The situation in Athens and the wider area with its port, Piraeus, was out of control, the hyperinflation was in full swing and the price of bread was increased 89-fold from April 1941 to June 1942. According to the records of the German army the mortality rate in Athens alone reached 300 deaths per day during December 1941, while the estimates of the Red Cross were much higher, at 400 deaths while in some days the death toll reached 1,000. Apart from the urban areas the population of the islands was also affected by the famine, especially those living in Mykonos, Syros and Chios.
There are no accurate numbers of the famine deaths because civil registration records did not function during the occupation. In general, it is estimated that Greece suffered approximately 300,000 deaths during the Axis occupation as a result of famine and malnutrition. However, not all parts of Greece experienced equal levels of food scarcity. Although comprehensive data on regional famine severity does not exist, the available evidence indicates that the severe movement restrictions, the proximity to agricultural production and the level of urbanization were crucial factors of famine mortality.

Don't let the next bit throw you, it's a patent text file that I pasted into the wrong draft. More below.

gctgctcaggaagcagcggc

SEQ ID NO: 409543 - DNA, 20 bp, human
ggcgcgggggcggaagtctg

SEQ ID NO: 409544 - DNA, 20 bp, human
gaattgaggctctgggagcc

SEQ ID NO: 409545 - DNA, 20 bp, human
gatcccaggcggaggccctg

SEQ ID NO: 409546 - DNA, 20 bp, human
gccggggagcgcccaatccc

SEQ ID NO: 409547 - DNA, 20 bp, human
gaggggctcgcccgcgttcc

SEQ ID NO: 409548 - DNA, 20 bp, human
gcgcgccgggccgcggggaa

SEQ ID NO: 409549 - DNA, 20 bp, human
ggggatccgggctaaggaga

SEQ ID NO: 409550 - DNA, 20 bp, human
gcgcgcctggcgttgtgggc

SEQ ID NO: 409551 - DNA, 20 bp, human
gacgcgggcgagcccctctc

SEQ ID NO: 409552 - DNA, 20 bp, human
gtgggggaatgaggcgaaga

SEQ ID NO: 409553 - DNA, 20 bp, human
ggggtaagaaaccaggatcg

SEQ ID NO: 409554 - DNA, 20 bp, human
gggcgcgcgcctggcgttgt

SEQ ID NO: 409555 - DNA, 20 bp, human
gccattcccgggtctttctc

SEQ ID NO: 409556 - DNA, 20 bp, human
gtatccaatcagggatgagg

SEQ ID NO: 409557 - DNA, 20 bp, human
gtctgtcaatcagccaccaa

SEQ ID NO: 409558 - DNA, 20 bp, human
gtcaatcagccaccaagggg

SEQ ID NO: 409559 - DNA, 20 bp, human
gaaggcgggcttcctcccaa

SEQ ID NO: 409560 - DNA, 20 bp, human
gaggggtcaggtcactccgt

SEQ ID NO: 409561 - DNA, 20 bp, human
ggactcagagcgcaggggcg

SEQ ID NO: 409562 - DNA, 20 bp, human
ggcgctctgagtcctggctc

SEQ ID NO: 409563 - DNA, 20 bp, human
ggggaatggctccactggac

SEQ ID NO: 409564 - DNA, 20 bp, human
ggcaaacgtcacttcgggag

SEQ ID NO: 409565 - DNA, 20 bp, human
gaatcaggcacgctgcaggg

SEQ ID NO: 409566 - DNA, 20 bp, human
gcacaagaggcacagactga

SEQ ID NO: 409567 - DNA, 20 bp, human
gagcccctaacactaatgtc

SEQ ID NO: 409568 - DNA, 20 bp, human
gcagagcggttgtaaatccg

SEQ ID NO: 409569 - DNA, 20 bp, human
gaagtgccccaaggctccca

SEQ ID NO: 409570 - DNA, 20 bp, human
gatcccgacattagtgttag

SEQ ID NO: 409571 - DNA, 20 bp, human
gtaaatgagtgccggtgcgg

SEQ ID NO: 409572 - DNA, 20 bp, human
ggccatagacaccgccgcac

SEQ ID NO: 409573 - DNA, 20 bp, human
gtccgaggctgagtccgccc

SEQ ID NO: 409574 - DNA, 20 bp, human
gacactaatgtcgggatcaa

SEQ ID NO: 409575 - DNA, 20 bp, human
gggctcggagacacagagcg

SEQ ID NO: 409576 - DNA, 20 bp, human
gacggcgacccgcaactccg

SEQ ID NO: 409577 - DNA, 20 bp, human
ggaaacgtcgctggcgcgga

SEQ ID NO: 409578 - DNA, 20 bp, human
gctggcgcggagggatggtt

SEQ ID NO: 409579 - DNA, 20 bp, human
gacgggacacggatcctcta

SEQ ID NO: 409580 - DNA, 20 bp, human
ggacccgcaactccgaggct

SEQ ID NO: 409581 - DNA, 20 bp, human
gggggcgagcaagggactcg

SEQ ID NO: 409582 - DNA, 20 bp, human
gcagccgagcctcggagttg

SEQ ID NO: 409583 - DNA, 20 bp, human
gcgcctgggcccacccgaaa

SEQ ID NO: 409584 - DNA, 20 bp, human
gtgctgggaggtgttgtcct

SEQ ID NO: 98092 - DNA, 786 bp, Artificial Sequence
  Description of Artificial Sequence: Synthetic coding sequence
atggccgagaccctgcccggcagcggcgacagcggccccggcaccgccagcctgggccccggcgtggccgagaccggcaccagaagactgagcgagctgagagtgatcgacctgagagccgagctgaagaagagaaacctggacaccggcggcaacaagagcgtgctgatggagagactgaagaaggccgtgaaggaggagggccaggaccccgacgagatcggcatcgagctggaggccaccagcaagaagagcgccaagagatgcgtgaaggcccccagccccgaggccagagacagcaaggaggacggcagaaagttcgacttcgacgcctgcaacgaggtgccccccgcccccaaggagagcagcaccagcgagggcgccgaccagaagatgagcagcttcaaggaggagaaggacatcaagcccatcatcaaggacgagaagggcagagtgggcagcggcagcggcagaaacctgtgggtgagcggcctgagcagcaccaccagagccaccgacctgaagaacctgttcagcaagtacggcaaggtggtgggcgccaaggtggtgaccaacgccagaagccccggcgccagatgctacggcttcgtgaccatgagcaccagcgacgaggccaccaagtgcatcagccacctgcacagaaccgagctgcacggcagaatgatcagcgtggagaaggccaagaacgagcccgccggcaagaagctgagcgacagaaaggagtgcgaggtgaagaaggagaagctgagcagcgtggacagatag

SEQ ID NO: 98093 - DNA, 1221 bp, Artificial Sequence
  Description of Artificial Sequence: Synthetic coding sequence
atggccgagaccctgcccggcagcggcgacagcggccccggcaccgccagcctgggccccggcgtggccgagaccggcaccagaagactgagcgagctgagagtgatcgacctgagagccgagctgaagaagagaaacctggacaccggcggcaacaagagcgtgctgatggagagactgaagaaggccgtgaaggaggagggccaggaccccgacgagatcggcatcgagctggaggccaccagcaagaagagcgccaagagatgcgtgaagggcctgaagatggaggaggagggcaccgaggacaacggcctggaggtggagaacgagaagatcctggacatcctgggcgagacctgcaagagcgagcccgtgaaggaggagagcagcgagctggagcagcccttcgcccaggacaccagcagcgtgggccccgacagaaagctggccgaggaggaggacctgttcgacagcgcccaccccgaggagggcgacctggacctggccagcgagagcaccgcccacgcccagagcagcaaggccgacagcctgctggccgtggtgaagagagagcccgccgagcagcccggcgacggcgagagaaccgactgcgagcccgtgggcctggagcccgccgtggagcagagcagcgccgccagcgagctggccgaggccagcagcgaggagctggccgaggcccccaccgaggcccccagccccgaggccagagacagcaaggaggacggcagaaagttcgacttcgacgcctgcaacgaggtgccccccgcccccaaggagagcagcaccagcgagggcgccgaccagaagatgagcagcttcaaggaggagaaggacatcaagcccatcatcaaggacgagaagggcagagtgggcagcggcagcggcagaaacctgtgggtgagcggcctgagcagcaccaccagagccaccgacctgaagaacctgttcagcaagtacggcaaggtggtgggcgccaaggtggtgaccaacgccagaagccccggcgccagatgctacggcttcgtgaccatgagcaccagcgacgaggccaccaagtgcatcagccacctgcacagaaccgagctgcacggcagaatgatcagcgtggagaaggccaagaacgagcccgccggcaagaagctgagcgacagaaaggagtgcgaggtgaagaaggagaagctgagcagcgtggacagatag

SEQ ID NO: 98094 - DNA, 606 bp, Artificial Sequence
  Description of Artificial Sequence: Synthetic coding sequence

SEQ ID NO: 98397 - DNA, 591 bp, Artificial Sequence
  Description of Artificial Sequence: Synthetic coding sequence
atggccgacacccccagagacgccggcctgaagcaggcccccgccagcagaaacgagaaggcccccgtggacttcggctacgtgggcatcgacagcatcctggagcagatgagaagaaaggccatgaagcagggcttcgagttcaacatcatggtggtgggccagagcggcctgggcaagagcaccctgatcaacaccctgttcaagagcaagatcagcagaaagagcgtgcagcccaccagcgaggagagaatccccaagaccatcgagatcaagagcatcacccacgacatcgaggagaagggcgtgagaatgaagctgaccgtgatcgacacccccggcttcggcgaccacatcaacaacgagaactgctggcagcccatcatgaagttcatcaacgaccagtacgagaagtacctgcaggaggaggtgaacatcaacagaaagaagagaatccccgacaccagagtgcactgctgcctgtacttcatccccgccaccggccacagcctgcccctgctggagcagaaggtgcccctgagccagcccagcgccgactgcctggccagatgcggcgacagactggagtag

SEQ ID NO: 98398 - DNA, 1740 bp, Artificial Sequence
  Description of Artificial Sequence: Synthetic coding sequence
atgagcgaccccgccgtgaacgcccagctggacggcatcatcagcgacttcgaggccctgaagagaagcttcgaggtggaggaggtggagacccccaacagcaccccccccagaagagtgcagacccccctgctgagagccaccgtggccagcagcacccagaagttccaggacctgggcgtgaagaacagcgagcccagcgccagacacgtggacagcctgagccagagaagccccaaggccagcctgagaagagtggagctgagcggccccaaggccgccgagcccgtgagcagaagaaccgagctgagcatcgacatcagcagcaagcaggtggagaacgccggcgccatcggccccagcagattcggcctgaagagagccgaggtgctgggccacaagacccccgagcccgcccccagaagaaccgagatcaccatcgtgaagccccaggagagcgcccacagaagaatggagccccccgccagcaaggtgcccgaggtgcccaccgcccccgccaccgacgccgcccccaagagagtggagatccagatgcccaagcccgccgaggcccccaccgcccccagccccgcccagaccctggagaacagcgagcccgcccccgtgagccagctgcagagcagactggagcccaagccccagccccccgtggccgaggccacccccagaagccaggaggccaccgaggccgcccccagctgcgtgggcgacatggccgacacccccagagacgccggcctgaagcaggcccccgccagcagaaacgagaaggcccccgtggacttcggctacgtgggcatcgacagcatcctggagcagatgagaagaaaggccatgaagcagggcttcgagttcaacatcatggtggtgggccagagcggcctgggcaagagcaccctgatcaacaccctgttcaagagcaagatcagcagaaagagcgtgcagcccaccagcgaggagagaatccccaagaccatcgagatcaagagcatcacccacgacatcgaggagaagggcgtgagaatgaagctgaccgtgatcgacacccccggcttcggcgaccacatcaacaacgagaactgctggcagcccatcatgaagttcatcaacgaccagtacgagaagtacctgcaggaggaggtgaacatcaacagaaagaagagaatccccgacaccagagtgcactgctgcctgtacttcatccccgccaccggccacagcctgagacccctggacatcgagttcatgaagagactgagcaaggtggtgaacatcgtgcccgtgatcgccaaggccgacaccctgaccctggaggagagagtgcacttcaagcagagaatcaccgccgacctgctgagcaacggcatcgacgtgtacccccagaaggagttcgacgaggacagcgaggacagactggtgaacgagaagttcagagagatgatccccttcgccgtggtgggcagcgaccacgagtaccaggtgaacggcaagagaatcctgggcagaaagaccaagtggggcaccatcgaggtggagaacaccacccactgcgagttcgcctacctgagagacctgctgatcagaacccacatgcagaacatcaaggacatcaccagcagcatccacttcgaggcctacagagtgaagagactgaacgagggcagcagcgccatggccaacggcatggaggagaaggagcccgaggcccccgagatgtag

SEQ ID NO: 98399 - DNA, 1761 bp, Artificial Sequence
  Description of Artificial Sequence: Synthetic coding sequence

We can read similar things about the Dutch famine during World War II. Again, going by Wikipedia (emphasis mine) …..
Food stocks in the cities in the western Netherlands rapidly ran out. The adult rations in cities such as Amsterdam dropped to below 1000 calories (4,200 kilojoules) a day by the end of November 1944 and to 580 calories in the west by the end of February 1945. Over this Hongerwinter (“Hunger winter”), a number of factors combined to cause starvation in especially the large cities in the West of the Netherlands. The winter in the month of January 1945 itself was unusually harsh prohibiting transport by boat for roughly a month between early January 1945 and early February 1945. Also, the German army destroyed docks and bridges to flood the country and impede the Allied advance. Thirdly, Allied bombing made it extremely difficult to transport food in bulk, since Allied bombers could not distinguish German military and civilian shipments. As the south-eastern (the Maas valley) and the south-western part of the Netherlands (Walcheren and Beveland) became one of the main western battlefields, these conditions combined to make the transport of existing food stocks in large enough quantities nearly impossible.